The spookiest myths and legends in Norfolk
- Credit: Archant Ã‚Â© 2005
Norfolk was once home to plenty of legends and superstitions. In time for Halloween, here are just a few of them.
East Anglia is a beautiful and breath taking place, with a rich history going back millennia. The first people are believed to have lived here hundreds of thousands of years ago, so it's unsurprising that many stories have been told over the years about the landscape and people within. In no particular order, here are just a handful of our favourite myths and legends from the county.
No Norfolk legends list would be complete without this infamous demonic dog. Black Shuck is said to wander East Anglian churchyards at night and its sighting is seen as an ill-omen. The first written descriptions of the hound date back to 1850 and although versions vary, the creature is described as being unusually large, with black shaggy fur and red blazing eyes.
One of the most famous stories of Black Shuck takes place in Bungay in neighbouring Suffolk. With a crash of thunder, Black Shuck burst through the doors of the Holy Trinity Church and ran up the aisle, killing two people and causing the church steeple to collapse. As the hell-hound exited, it left scorch marks by the north door which can still be seen today.
The Hethersett Faines
Speaking of demonic creatures, Norfolk is also home to the Hethersett Faines. These calf-sized creatures with abnormally large, glowing eyes are even suggested to be a relation of Black Shuck although their territory is much smaller.
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In 1920, Walter Rye wrote of an encounter on the outskirts of Hethersett where a man was knocked off his feet by a gust of wind, only to see something slinking away, with eyes like a bicycle lamp. Others said that they had seen the creatures many times and always gave them plenty of room as they passed.
The Witch's Leg
We all know that Norfolk has a huge number of medieval churches, some are still in use whilst others were eventually left to ruin. One of the latter is St Mary's in the woods near East Somerton. Not much is left there now, save the roofless tower and a handful of crumbling walls that would have once housed the nave. In the centre, a huge oak tree has grown which one could mistake for a romantic sentiment if they did not know the truth...
During the height of the English witch trials, it is said that a suspected witch was buried alive under the church. This particular woman had a wooden leg and so she enchanted the wood to become an oak tree and destroy the church above. Now, legend says that if you walk three times around the tree, the witch's spirit will be released.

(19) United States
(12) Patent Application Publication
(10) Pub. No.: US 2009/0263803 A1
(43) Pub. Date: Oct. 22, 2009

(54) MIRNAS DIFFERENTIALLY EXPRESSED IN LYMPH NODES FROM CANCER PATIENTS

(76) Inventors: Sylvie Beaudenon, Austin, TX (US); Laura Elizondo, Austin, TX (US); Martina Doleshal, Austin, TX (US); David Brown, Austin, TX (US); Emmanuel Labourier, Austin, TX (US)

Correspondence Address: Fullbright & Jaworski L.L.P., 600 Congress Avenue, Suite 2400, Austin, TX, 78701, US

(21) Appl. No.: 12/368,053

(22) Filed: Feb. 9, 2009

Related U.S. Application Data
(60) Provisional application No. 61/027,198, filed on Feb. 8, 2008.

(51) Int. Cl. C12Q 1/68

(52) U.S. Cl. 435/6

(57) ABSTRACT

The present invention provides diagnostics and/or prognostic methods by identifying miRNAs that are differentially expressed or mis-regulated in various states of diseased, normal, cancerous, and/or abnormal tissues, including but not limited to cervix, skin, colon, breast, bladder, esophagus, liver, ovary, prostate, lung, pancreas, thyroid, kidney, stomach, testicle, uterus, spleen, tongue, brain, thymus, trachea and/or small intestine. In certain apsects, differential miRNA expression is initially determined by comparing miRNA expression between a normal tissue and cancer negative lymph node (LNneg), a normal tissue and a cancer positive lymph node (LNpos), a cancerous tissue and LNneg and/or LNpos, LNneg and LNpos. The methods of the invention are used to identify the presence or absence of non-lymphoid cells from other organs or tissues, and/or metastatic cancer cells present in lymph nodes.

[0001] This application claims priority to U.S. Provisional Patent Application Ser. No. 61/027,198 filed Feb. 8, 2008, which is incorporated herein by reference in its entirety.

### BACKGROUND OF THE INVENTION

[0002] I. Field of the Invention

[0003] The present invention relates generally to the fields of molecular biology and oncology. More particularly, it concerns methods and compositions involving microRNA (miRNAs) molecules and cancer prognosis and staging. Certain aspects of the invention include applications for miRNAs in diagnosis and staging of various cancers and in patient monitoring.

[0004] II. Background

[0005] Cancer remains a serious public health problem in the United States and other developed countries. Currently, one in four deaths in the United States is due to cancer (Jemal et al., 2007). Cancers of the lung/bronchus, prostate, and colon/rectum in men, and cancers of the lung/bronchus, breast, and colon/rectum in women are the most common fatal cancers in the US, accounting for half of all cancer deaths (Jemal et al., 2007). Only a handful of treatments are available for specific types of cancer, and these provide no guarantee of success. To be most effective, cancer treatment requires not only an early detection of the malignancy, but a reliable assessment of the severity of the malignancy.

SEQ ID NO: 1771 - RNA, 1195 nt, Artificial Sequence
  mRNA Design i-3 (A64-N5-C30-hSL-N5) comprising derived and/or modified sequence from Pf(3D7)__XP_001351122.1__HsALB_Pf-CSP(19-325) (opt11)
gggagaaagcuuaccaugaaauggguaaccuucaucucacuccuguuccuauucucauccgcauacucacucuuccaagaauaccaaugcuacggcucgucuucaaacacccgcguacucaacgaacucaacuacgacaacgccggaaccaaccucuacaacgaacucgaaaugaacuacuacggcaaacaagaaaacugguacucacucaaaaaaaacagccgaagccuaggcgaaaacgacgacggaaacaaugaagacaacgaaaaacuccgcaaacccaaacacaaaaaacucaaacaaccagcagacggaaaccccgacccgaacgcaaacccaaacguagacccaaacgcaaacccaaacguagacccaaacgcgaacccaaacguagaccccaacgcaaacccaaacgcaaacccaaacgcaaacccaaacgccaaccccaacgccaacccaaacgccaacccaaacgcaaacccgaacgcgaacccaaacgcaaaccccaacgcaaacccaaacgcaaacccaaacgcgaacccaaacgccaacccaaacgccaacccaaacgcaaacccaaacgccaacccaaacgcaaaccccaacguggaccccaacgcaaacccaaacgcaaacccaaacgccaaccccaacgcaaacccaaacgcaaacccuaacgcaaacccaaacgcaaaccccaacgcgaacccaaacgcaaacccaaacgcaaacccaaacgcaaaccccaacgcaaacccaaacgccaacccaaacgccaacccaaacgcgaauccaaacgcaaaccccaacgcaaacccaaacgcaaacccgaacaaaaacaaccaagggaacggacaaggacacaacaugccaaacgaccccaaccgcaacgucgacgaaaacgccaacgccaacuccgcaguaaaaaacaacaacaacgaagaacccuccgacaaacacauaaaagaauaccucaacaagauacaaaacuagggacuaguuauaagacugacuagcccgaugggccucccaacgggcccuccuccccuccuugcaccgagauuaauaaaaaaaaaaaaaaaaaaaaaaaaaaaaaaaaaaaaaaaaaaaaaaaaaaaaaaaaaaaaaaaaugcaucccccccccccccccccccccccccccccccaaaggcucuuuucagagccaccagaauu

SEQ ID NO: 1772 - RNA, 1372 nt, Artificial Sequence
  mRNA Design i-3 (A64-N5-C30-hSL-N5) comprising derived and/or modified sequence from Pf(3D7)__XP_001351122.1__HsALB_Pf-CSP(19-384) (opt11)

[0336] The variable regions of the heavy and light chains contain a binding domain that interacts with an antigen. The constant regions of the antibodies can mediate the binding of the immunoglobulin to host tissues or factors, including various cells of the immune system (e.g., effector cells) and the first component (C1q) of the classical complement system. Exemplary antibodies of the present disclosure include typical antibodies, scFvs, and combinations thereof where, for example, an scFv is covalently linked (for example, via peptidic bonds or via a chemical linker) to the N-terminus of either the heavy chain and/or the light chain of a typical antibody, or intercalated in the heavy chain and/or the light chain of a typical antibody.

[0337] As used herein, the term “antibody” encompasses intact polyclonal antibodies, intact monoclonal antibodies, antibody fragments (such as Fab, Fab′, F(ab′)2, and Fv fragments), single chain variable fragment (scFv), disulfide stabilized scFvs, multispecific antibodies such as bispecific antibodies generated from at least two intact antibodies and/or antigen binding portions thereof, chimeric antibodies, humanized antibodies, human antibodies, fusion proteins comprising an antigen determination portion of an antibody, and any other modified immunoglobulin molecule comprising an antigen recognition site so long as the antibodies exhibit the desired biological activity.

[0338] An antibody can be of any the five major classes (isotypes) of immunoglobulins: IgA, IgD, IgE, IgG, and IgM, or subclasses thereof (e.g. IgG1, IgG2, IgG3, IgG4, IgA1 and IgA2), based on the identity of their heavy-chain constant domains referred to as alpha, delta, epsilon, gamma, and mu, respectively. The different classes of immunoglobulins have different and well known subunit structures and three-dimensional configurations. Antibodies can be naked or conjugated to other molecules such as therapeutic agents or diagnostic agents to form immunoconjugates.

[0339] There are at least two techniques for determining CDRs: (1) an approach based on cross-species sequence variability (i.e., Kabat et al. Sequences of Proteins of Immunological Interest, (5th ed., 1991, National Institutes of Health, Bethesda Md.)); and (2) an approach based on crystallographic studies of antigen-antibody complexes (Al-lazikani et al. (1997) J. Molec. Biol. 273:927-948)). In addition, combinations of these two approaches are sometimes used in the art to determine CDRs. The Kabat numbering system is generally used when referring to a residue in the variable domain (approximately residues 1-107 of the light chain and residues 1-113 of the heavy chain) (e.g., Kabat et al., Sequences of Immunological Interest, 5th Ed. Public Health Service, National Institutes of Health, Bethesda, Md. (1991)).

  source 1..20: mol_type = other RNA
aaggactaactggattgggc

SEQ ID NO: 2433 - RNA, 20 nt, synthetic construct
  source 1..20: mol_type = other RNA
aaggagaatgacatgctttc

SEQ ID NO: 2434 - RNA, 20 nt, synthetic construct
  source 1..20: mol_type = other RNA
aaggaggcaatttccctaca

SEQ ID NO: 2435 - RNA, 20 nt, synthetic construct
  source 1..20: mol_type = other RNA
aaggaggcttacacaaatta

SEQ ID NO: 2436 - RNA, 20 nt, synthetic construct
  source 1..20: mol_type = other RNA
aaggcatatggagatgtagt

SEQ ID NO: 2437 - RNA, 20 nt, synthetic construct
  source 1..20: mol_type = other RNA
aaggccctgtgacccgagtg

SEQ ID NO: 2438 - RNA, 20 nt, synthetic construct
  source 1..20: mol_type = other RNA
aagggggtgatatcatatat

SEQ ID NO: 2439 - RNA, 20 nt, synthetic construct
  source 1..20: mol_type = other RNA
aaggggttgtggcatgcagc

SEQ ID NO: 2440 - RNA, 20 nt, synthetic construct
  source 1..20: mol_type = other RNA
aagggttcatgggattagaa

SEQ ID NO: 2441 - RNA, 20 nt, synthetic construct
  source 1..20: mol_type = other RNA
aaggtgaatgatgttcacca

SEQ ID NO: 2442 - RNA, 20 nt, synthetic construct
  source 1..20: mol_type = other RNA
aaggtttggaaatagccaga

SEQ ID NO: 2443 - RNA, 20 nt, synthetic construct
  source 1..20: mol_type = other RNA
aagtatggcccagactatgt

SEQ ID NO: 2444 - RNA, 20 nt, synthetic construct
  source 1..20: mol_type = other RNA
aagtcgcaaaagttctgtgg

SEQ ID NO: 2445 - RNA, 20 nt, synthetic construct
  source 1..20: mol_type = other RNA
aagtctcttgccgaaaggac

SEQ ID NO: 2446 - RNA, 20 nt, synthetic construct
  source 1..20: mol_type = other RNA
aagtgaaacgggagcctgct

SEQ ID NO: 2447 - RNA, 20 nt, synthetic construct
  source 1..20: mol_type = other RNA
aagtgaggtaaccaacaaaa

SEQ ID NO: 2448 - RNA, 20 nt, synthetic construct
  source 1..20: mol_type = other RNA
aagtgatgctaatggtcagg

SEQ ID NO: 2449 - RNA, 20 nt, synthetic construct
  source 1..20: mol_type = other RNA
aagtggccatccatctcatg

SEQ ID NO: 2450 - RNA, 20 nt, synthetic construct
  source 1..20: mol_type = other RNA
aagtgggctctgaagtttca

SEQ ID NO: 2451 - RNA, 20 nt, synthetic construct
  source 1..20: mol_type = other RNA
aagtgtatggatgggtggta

The Grey Lady of Tombland
On of the most infamous ghostly sightings in Norwich is of a young woman, dressed in grey, who appears to float through the streets and homes of Tombland. There are several versions of her origin but perhaps the most gruesome is that she was a victim of the plague that swept through Norwich in 1578. Thousands succumbed to the illness over two years and graveyards had to be raised to meet demand. In an attempt to quell the spread, it was ordered that anyone who was found to have the illness would be taken from their homes which would be subsequently boarded up and left until such a time when they could be certain that infection would be impossible.
But when one house was unsealed by the bailiffs 40 days later, a shocking sight was found... The bodies of a man, woman, and young girl were found who had presumably been too weak to call out as they were barricaded in. That would be horrific enough in itself but, when examined, it became apparent that the man and woman had strange marks on their bodies: teeth marks. The young girl had survived the plague but had no means of escape from the boarded up house. She had resorted to eating her parents out of hunger, only to choke on their flesh. Now she is said to haunt the area of Tombland and Tombland Alley behind Augustine Steward House.
The Lantern Men
Many stories are told on the broads and marshes of Norfolk, but one thing is unanimous: don't follow the lights at night. In August, 1809 the mists swept in across Thurlton Staithe as a group of sailors sat at The White Horse Inn nursing a few drinks. One of them, Joseph Bexfield, remembered a parcel he had left on the wherry which was for his wife. Regardless of the protests by his fellow drinkers, he set out in the dark across the marshes where swirling mist and strange lights were later seen. Lantern Man was afoot and Joseph was never seen alive again. Legend says that he was lured to a watery grave by the lights of Lantern Man and his ghost can occasionally be see wandering the area.
This is not the only sighting of Lantern Man in the county as the people of Irstead also claimed to be plagued by strange lights on the marshes. They also said you should not mock the Lantern Man - which they referred to as Jack o’ Lantern - as he would terrorise your home in the night.